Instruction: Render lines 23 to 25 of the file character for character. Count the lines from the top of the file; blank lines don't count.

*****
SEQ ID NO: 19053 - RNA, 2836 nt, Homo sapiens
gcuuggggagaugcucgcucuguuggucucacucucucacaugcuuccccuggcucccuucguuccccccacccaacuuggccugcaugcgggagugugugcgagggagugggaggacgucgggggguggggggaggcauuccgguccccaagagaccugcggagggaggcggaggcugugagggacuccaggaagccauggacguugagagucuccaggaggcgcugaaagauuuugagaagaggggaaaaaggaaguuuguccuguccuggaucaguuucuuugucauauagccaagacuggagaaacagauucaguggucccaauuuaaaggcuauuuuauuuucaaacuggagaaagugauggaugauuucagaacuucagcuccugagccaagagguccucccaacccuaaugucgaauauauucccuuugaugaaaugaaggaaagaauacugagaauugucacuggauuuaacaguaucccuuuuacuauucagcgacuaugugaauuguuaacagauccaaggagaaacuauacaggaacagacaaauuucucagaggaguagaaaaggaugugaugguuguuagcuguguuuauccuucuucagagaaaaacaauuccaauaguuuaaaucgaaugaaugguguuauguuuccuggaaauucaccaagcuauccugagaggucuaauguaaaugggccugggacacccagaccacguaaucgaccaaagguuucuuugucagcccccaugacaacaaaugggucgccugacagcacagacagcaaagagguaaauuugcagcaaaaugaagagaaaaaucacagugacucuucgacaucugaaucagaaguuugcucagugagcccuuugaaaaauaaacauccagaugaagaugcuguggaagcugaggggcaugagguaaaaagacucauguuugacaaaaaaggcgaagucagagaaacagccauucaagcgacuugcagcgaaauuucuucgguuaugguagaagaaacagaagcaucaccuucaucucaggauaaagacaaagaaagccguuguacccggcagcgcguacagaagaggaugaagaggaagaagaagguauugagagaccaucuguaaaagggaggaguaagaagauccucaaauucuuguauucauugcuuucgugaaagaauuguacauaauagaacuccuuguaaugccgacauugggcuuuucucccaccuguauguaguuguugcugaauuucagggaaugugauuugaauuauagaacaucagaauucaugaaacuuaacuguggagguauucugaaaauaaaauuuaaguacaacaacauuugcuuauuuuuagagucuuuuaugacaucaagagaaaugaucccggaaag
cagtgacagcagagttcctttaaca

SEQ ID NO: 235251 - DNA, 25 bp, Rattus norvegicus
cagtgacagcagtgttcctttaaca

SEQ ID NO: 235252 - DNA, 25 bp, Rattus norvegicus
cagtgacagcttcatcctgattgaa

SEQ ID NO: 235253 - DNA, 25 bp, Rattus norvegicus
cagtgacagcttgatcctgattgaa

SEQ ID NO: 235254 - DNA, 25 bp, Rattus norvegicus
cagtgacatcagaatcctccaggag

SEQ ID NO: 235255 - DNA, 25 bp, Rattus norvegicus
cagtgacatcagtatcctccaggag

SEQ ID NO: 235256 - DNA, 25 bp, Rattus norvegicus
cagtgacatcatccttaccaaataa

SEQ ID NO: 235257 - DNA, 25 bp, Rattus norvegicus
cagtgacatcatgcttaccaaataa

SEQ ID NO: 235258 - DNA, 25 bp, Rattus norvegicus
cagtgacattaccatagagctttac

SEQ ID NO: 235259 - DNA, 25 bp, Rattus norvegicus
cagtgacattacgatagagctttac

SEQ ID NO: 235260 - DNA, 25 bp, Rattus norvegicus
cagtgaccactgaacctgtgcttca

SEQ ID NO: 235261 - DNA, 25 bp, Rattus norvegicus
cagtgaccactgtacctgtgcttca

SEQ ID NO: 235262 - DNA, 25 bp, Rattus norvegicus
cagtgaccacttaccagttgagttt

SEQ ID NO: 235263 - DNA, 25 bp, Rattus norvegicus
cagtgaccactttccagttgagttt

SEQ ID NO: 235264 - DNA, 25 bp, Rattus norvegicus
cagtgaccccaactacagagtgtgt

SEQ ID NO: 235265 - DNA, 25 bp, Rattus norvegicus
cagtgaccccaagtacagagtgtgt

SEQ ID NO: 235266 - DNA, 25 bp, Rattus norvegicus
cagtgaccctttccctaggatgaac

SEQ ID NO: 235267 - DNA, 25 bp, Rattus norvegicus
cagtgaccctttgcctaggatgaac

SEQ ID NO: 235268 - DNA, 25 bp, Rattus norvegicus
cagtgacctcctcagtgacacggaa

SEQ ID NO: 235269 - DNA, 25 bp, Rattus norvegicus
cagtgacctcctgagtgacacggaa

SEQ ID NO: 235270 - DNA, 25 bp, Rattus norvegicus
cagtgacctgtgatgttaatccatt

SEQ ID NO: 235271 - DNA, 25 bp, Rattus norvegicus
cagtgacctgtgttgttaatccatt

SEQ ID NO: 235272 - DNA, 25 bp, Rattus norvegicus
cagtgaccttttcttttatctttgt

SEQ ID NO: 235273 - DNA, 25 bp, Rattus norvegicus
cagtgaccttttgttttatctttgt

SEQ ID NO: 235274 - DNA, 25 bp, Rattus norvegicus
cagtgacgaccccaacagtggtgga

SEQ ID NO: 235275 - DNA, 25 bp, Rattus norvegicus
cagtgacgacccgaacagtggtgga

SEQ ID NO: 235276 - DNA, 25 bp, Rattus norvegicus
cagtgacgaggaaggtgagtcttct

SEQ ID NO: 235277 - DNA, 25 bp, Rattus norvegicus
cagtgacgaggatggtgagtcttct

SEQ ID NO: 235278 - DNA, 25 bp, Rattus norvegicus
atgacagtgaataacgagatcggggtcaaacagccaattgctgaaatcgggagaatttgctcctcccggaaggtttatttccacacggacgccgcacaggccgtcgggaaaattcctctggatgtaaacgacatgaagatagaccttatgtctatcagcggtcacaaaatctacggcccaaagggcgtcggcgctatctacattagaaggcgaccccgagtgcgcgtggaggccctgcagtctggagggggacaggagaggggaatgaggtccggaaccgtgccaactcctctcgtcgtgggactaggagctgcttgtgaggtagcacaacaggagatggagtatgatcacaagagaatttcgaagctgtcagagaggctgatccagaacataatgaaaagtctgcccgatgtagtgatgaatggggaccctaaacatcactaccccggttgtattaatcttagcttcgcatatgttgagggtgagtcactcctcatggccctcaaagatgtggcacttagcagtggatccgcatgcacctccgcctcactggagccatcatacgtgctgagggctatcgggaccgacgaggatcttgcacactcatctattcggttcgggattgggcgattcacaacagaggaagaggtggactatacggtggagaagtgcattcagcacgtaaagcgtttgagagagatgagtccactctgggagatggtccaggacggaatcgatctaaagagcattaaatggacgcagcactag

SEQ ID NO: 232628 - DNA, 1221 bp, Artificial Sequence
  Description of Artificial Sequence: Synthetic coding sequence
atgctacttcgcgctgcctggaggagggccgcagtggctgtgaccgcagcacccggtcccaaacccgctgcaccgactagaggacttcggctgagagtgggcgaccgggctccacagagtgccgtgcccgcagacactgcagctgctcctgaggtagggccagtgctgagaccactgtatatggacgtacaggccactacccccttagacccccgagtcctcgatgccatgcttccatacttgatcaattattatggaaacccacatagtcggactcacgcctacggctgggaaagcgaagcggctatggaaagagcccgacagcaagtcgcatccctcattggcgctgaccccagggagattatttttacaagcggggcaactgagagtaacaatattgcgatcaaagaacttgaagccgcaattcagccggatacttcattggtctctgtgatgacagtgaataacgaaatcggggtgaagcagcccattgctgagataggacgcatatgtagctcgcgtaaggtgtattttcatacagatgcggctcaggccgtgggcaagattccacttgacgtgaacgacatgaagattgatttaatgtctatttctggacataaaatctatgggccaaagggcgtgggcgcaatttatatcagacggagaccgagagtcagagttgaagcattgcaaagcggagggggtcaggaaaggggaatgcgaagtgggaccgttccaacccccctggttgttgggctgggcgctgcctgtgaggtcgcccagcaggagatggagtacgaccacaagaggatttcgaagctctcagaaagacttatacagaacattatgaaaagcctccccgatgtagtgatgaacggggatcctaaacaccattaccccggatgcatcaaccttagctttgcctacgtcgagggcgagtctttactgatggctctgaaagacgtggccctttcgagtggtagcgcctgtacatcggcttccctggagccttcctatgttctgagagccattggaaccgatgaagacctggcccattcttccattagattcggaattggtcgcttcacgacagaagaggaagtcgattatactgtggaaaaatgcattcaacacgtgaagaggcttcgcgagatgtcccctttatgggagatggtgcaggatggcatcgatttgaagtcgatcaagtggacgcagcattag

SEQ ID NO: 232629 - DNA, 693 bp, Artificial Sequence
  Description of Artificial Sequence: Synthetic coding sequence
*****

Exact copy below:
cagtgaccactgaacctgtgcttca

SEQ ID NO: 235261 - DNA, 25 bp, Rattus norvegicus
cagtgaccactgtacctgtgcttca